Taking Care Of Your Extraction Sites


           When you have a tooth or teeth extracted, please remember that you have undergone a minor surgical procedure that calls for you to take certain specific steps thereafter so that your recovery period will proceed smoothly. Failure to do so can lead to needless discomfort, delayed healing and increased anxiety.



  1. DO bite down on the moist gauze placed over your extraction site(s) after the procedure with firm, constant pressure for AT LEAST half an hour after you leave our office. Nothing controls bleeding more efficiently than physical pressure. We will give you extra gauze to take home with you when you leave. If you disturb your extraction site later (by accidentally chewing on coarse food for example), you can moisten and bite down on it as before to suppress any subsequent bleeding. If you encounter persistent bleeding, first apply an ice pack to your face (not inside your mouth) at the location of the extraction(s) while you are biting on gauze and if this is not fully effective apply a tea bag compress directly to the extraction site(s). Natural substances found in tea are known to stem bleeding effectively.
  2. DON'T do any of the following for AT LEAST 24 hours after the surgery; spit out, rinse out, drink with a straw (causing suction), smoke anything, chew tobacco nor snuff, take anything with aspirin (a blood thinner) in it, exert yourself physically (raising your blood pressure), drink anything hot, drink anything carbonated (fizzy) or have anything coarse to eat. Doing any of these things can cause the blood clot that will form in the socket where the root(s) of your extracted tooth (teeth) was to be lost. This clot is necessary for proper healing and without it you will experience a condition known as "dry socket" that is extremely uncomfortable and will interfere with normal healing.
  3. DO stay on a soft diet for AT LEAST two days after any extractions have been performed. This will not only preserve the blood clots essential for reliable healing as previously mentioned, but also make you more comfortable during the recuperative process. Soup, yogurt, pasta and oatmeal as well as commercially available dietary supplements such as Sustacal and Ensure will provide you with the needed nutrients and calories for satisfactory healing.
  4. DON'T miss any follow-up visits that may be scheduled for you after the surgery.  If Dr. McArdle needs to see you at a subsequent appointment for the removal of stitches or any other post-extraction care, make sure you keep that appointment. Even if you lose it beforehand, the fact that a stitch was placed at all indicates that you should be seen afterward so that your progress can be evaluated.
  5. DO take any medication ordered for you by Dr. McArdle exactly as prescribed. We will always give you an anti-inflammatory medication prior to any extraction and Dr. McArdle uses a longer lasting type of Novocain in most cases (except where your medical history prohibits it) that, in combination, helps reduce any discomfort or swelling you may experience after the surgery. Be careful not to bite your tongue, lips and cheeks while you are numb. Research has shown that if you take some acetaminophen (the active ingredient in Tylenol) just as you feel the Novocain beginning to wear off or on retiring for the night (whichever comes first), this results in pain relief increased to the level of a narcotic's potency without undesirable side effects such as nausea or impaired judgment. There are some situations, as in the case of a difficult extraction, where prescription medication may be the most appropriate for you to prevent infection or to curb exceptional discomfort.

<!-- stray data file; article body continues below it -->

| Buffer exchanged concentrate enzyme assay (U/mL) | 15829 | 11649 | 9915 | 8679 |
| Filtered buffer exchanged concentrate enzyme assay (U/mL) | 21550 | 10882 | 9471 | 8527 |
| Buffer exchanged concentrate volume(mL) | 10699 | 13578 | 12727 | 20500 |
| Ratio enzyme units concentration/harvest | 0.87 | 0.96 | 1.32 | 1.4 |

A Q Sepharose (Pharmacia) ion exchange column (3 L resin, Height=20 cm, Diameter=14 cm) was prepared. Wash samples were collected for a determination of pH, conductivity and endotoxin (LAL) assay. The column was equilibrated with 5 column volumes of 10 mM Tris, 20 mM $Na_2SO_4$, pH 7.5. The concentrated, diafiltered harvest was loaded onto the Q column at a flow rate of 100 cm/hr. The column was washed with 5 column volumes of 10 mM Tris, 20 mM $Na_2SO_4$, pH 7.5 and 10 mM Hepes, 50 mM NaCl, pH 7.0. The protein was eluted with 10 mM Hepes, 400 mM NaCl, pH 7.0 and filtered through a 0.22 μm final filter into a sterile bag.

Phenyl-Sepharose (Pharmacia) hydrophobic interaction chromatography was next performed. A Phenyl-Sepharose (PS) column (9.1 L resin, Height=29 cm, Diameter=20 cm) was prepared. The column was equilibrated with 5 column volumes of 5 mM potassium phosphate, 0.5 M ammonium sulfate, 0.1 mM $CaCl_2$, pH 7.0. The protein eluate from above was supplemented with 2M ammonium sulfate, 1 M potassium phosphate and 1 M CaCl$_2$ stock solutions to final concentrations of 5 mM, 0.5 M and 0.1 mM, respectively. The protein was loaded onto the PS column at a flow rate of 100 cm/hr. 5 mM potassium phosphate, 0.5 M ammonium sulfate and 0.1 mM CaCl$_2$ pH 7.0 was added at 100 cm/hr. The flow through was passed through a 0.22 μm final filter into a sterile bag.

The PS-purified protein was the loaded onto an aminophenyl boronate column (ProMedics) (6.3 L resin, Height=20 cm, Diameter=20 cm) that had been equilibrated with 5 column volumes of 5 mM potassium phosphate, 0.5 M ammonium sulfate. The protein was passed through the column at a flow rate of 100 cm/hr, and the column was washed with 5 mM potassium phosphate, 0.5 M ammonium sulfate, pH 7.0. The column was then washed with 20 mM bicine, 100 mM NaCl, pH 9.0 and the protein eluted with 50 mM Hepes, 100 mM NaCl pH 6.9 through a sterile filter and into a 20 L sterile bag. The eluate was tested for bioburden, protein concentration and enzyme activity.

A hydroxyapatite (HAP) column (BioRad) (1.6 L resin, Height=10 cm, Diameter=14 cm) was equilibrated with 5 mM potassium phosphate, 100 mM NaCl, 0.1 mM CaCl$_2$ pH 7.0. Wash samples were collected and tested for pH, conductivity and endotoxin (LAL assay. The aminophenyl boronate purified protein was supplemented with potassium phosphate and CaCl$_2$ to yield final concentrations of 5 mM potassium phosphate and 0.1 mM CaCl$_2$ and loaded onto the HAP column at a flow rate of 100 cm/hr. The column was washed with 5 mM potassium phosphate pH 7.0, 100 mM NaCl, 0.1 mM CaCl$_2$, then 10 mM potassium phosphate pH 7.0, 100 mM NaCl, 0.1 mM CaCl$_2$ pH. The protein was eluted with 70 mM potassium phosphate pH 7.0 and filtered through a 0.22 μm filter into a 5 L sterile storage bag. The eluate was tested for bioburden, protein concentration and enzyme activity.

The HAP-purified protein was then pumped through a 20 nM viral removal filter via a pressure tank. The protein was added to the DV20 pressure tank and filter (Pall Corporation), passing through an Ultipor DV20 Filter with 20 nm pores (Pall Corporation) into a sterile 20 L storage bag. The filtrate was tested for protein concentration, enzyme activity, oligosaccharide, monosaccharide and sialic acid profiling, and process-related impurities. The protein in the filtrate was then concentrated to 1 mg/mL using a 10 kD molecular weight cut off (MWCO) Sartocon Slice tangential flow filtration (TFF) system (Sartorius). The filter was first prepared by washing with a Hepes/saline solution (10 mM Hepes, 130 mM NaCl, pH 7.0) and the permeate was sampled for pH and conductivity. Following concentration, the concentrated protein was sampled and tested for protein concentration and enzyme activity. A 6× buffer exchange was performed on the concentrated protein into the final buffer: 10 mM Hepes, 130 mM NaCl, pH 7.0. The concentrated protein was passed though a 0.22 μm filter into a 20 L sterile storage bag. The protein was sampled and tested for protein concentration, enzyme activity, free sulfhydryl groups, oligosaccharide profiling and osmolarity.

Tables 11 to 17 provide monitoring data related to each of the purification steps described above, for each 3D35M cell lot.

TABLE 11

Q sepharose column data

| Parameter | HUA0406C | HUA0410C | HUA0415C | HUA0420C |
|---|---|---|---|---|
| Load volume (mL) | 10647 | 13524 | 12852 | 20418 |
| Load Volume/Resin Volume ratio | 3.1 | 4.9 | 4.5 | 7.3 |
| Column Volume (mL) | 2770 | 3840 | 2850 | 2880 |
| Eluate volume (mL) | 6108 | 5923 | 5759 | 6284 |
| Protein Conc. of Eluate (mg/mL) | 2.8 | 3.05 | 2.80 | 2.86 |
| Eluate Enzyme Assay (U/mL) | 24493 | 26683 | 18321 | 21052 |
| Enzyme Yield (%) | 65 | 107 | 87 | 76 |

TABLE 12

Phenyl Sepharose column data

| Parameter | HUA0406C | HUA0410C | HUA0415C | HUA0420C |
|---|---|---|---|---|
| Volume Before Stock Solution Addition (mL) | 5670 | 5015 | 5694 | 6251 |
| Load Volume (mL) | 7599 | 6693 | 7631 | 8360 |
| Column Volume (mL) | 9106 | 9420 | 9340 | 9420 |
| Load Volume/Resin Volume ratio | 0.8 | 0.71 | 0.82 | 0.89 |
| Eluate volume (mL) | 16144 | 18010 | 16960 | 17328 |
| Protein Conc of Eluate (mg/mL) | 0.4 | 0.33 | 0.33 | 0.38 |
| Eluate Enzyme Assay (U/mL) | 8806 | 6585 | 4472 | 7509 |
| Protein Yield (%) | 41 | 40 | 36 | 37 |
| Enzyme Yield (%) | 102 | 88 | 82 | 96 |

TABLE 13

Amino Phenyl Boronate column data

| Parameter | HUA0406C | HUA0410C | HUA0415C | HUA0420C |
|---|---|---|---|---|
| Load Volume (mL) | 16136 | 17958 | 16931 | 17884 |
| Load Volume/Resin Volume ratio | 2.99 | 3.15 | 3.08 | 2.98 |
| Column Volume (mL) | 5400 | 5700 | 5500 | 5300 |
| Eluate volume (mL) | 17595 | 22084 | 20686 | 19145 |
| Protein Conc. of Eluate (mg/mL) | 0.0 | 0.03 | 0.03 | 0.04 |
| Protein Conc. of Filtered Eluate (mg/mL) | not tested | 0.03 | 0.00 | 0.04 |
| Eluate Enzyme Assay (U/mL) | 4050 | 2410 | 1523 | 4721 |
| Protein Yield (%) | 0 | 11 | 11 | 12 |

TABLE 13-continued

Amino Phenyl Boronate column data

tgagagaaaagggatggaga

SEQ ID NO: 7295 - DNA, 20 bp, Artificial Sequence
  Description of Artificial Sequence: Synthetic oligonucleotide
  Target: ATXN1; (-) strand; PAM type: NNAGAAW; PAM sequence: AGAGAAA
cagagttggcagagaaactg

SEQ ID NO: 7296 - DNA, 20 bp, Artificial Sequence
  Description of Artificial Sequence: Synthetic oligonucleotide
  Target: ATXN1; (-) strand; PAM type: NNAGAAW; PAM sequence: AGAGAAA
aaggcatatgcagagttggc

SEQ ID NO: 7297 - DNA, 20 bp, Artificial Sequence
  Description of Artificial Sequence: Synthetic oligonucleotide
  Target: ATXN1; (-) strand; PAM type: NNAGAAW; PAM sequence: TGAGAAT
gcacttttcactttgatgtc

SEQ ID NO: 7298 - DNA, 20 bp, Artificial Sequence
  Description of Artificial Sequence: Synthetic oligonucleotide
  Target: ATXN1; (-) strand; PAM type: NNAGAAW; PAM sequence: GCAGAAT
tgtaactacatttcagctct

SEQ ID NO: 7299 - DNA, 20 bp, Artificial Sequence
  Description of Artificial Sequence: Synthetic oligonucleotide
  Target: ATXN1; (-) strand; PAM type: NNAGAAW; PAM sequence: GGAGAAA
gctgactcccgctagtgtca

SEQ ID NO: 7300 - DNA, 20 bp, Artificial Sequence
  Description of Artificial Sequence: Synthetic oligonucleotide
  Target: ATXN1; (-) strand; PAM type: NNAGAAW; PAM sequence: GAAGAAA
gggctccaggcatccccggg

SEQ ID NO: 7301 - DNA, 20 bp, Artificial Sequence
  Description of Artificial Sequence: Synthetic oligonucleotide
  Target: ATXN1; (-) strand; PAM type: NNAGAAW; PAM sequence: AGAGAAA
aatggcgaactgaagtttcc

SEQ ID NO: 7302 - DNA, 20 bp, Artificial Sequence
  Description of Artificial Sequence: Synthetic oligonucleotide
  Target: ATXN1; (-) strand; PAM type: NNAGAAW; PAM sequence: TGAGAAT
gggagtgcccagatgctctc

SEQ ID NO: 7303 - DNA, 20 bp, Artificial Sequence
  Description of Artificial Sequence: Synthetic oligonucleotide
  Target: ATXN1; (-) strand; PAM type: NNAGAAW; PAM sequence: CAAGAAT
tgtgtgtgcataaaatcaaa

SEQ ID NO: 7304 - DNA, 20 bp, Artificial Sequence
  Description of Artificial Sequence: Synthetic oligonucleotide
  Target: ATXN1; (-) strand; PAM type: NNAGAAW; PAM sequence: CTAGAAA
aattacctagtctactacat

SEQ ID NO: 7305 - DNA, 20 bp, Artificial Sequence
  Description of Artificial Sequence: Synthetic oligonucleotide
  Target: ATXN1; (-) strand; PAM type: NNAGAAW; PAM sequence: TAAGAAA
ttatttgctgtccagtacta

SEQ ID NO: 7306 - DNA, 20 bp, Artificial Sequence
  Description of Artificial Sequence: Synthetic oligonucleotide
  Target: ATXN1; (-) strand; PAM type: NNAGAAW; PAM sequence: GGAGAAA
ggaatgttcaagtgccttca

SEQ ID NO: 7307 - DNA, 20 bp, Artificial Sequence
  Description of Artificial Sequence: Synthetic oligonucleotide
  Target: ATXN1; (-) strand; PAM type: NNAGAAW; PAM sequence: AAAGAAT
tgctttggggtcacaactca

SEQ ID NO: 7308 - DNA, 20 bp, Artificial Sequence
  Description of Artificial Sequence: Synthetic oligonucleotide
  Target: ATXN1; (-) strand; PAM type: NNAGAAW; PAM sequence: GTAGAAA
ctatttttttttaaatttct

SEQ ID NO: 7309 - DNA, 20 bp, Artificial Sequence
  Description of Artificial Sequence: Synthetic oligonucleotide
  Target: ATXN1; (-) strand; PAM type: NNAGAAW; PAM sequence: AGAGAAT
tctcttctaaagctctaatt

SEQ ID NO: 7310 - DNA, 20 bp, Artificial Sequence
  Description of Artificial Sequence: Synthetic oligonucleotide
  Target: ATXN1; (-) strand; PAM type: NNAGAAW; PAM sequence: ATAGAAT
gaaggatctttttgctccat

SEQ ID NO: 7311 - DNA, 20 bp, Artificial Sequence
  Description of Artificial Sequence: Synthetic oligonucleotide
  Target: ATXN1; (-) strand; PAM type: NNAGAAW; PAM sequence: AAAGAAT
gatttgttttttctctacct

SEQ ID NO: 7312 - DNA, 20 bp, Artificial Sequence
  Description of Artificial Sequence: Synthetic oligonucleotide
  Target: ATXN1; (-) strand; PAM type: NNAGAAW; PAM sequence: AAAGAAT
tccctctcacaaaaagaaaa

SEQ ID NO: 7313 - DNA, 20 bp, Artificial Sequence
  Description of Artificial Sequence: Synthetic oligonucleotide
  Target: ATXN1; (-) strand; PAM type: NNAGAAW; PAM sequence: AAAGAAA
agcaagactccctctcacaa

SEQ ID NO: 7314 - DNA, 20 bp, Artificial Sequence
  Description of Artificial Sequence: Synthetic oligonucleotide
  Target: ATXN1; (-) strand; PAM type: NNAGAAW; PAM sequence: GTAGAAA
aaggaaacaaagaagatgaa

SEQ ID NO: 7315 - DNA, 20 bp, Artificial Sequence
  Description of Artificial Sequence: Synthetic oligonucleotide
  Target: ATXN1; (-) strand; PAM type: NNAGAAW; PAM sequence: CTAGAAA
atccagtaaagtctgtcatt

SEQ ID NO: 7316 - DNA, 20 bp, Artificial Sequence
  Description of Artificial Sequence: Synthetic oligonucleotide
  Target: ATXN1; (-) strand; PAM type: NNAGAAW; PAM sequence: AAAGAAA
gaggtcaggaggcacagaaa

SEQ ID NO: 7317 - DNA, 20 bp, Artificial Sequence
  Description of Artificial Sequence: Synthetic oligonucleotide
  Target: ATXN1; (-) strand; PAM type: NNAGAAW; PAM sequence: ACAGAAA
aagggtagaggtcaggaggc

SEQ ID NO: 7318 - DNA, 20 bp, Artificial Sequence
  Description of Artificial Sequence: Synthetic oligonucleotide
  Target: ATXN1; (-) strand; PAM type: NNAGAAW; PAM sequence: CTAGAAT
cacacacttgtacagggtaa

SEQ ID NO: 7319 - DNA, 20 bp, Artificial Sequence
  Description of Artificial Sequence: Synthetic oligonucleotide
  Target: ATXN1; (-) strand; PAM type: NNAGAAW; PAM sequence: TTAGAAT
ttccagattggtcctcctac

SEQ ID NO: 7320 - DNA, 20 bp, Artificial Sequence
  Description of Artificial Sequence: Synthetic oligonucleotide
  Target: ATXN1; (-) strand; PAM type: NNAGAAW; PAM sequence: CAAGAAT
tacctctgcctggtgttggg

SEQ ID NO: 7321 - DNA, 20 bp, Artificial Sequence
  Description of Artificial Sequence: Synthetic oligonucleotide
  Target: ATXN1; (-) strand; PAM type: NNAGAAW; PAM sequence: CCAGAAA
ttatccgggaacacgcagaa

6. DON'T be unduly alarmed about any unpleasant taste or strong odor that you may notice after an extraction. These are natural consequences of the procedure and will subside in a day or two. If either or both persist for more than a few days or become more perceptible, this may be a sign of infection and should be brought to Dr. McArdle's attention. Any minimal oozing of fluids tinged with blood from the extraction site that may occur after you have applied the required biting pressure is the most likely cause of any unpleasant taste and also no cause for alarm unless it appears to be mainly blood and persists for several hours. If this condition does not respond to ice pack or tea bag compresses as previously described, call Dr. McArdle.
  7. DO proceed with your brushing and flossing as normal, but stay away from the extraction site(s) for a few days so as not to disturb clot formation and to avoid any tenderness. This will help eliminate the aforementioned unpleasant taste during the period before rinsing is allowed. Do not do any rinsing (such as with a fluoride or antimicrobial rinse) or water picking as you may have previously been advised to for 24 hours after the surgery as this can hinder clot development as well. Tongue cleaning does not hamper extraction site healing in any way.
  8. DON"T deviate from these instructions in the least unless specifically told to do so by Dr. McArdle.  This is the best way to get through the recovery phase of your extractions as comfortably and with as few complications as possible.  If these steps are followed, your return to normal after oral surgery will proceed more quickly and smoothly.



Infection can cause swelling after a tooth has been extracted.





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Dr. Barry F. McArdle, D.M.D. ~ 118 Maplewood Avenue, The Captain Moses House, Suite B-7, Portsmouth, NH 03801

Questions or Request an Appointment: Contact Us     Phone: 603-430-1010     Email: drmcardle@mcardledmd.com     Website: http://mcardledmd.com